Monday, April 17, 2017

What if Asimov had written Tom Swift?

Then he'd have been called Lucky Starr, Space Ranger.

I have to admit that my favorite Stratemeyer Syndicate property is Tom Swift, even though it's, at best, a distant third compared to either Nancy Drew or the Hardy Boys. And that is because of the third iteration of the series, which came out in the 80s, which was clearly influenced by the works of Asimov and Heinlein.

It definitely isn't because of the original series!

One of the things that both Nancy Drew and the Hardy Boys had going for them from the get go was that their ghost writers honestly tried to do better than the boilerplate formula method that was pretty much the hallmark of the series put out by the Stratemeyer Syndicate.

Not so the original Tom Swift books. The original Tom Swift fit into the flat-as-cardboard, all white, all American model that got churned out by the syndicate mill. Even worse, the plucky comic relief character of Rad Sampson is easily the most offensive racial stereotype I've seen in a Stratemeyer Syndicate. And there is competition for that tittle.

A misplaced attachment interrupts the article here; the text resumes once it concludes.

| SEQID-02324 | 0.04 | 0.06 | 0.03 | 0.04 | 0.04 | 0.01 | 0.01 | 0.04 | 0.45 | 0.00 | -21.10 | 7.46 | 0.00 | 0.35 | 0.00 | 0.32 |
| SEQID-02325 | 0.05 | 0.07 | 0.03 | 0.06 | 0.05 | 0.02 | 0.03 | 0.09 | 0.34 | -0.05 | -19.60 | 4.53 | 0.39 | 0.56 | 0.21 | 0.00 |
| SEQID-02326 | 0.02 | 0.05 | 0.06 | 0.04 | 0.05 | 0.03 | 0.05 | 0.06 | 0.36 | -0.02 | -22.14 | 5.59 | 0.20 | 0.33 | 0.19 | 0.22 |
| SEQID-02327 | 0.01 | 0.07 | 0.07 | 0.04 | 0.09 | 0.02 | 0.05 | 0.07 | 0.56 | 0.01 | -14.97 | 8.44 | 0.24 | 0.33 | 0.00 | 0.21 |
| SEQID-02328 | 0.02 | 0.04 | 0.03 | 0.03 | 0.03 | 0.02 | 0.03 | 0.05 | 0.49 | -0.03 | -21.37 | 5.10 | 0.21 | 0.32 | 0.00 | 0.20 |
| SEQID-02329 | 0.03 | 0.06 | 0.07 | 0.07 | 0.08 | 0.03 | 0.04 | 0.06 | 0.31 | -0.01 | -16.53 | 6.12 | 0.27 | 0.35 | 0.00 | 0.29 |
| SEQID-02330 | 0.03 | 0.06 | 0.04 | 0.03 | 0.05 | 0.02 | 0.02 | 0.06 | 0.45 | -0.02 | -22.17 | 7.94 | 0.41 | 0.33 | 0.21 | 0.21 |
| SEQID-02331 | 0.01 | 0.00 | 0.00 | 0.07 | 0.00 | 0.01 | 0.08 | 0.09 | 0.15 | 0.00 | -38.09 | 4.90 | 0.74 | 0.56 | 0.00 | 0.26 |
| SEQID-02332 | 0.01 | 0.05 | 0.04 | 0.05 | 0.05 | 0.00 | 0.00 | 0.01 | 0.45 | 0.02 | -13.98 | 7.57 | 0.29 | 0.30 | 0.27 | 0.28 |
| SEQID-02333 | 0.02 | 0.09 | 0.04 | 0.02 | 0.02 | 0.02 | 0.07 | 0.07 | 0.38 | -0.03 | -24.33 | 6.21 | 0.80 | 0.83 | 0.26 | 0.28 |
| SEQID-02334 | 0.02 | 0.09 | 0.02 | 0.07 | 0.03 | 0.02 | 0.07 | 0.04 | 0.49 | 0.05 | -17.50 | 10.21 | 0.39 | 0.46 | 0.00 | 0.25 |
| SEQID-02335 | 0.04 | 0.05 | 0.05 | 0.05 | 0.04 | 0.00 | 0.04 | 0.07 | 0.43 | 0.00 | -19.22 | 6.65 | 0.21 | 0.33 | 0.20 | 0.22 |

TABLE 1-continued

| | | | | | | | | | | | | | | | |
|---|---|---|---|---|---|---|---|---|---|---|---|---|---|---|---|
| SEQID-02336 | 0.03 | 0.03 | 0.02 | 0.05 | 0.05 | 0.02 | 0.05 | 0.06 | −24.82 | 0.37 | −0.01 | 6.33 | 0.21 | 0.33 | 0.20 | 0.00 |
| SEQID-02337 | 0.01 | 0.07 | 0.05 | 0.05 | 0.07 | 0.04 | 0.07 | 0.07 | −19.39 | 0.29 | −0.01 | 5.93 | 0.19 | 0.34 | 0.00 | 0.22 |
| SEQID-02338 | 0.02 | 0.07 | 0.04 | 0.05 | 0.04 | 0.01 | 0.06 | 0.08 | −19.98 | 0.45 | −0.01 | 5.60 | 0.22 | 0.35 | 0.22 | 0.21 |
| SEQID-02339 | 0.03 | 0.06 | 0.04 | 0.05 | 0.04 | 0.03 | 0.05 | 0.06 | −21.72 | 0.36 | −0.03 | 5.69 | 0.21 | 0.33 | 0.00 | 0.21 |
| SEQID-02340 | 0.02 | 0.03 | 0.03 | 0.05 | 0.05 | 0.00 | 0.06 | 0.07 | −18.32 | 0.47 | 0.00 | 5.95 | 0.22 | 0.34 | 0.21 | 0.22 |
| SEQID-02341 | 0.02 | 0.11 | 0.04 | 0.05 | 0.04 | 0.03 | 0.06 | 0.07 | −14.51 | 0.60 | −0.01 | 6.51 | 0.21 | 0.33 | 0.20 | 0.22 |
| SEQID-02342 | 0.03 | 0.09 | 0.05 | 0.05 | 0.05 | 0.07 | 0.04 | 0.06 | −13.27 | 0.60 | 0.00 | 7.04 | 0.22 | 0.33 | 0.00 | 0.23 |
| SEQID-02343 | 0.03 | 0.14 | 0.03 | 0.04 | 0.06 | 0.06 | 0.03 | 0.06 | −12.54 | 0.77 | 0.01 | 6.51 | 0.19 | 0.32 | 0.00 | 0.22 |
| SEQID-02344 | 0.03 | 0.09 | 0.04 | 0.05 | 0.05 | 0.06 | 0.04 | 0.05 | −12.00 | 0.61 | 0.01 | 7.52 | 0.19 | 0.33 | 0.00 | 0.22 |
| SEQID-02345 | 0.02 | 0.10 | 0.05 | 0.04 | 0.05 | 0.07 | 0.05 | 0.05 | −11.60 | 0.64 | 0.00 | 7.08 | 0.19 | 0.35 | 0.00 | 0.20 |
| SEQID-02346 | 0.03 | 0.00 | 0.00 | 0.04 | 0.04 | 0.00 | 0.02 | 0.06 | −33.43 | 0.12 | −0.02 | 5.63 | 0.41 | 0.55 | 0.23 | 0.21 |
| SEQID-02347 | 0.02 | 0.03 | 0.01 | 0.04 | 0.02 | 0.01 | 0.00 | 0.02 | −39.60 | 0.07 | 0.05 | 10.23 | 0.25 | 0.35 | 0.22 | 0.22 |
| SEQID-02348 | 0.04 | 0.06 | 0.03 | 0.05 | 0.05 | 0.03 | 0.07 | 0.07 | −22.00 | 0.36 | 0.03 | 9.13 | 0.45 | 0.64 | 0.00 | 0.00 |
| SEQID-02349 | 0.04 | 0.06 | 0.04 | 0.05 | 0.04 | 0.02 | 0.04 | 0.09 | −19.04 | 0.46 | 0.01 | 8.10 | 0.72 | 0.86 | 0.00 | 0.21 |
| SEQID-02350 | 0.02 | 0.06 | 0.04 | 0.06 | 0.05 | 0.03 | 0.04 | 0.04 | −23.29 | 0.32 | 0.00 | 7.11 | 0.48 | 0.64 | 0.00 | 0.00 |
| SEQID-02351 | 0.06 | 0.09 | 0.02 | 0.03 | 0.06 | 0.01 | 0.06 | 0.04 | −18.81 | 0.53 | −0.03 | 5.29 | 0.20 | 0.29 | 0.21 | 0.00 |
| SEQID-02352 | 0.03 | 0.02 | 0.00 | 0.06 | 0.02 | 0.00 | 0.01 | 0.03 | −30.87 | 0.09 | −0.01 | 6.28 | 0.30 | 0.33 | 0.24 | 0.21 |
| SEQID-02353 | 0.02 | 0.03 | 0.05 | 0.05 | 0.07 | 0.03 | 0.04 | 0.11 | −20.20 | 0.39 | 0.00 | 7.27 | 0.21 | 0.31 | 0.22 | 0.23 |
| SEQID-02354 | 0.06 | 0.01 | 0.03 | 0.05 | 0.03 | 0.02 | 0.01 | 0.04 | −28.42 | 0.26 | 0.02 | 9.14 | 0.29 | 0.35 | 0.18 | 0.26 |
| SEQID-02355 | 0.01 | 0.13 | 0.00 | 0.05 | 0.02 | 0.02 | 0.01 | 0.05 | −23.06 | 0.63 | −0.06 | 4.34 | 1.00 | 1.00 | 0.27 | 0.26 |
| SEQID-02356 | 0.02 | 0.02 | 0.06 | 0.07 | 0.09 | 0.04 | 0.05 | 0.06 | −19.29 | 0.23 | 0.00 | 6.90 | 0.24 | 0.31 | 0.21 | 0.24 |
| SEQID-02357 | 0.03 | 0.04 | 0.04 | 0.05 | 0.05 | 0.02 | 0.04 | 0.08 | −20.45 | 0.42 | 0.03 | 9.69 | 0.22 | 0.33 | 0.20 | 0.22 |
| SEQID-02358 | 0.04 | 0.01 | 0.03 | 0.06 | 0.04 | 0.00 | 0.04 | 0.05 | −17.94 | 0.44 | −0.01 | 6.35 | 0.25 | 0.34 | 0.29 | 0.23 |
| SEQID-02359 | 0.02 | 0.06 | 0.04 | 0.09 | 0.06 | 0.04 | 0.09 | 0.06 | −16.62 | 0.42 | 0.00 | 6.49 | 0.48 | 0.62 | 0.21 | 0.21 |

More than that, the core concept of Tom Swift does not age as well as well as teenage detectives. An all American boy and his gee whiz use of new fangled technology gets dated and obsolete fast. How fast did his first gadget, a motorcycle, get old fashioned?

(To be fair, the original series, by not pushing the envelope, did a decent job predicting future technology)

The third series was set in the definite future with colonies in space, intelligent robots and even aliens eventually. Which definitely solves that whole dated problem.

And, when I got older and actually started reading Asimov and Heinlein, I realized that whoever ghostwrote the third Tom Swift series had clearly mined Asimov and Heinlein (and probably Clarke and Niven and who knows who else) And maybe if I had been reading them before, the third Tom Swift wouldn't have the impact.

I'm pretty sure the series didn't get reprinted and it's not available as e-books so I haven't gone back and reread any of them. So I have no idea if they are actually any good or if they're actually dreadful.

But they did make an impact on me. 

No comments:

Post a Comment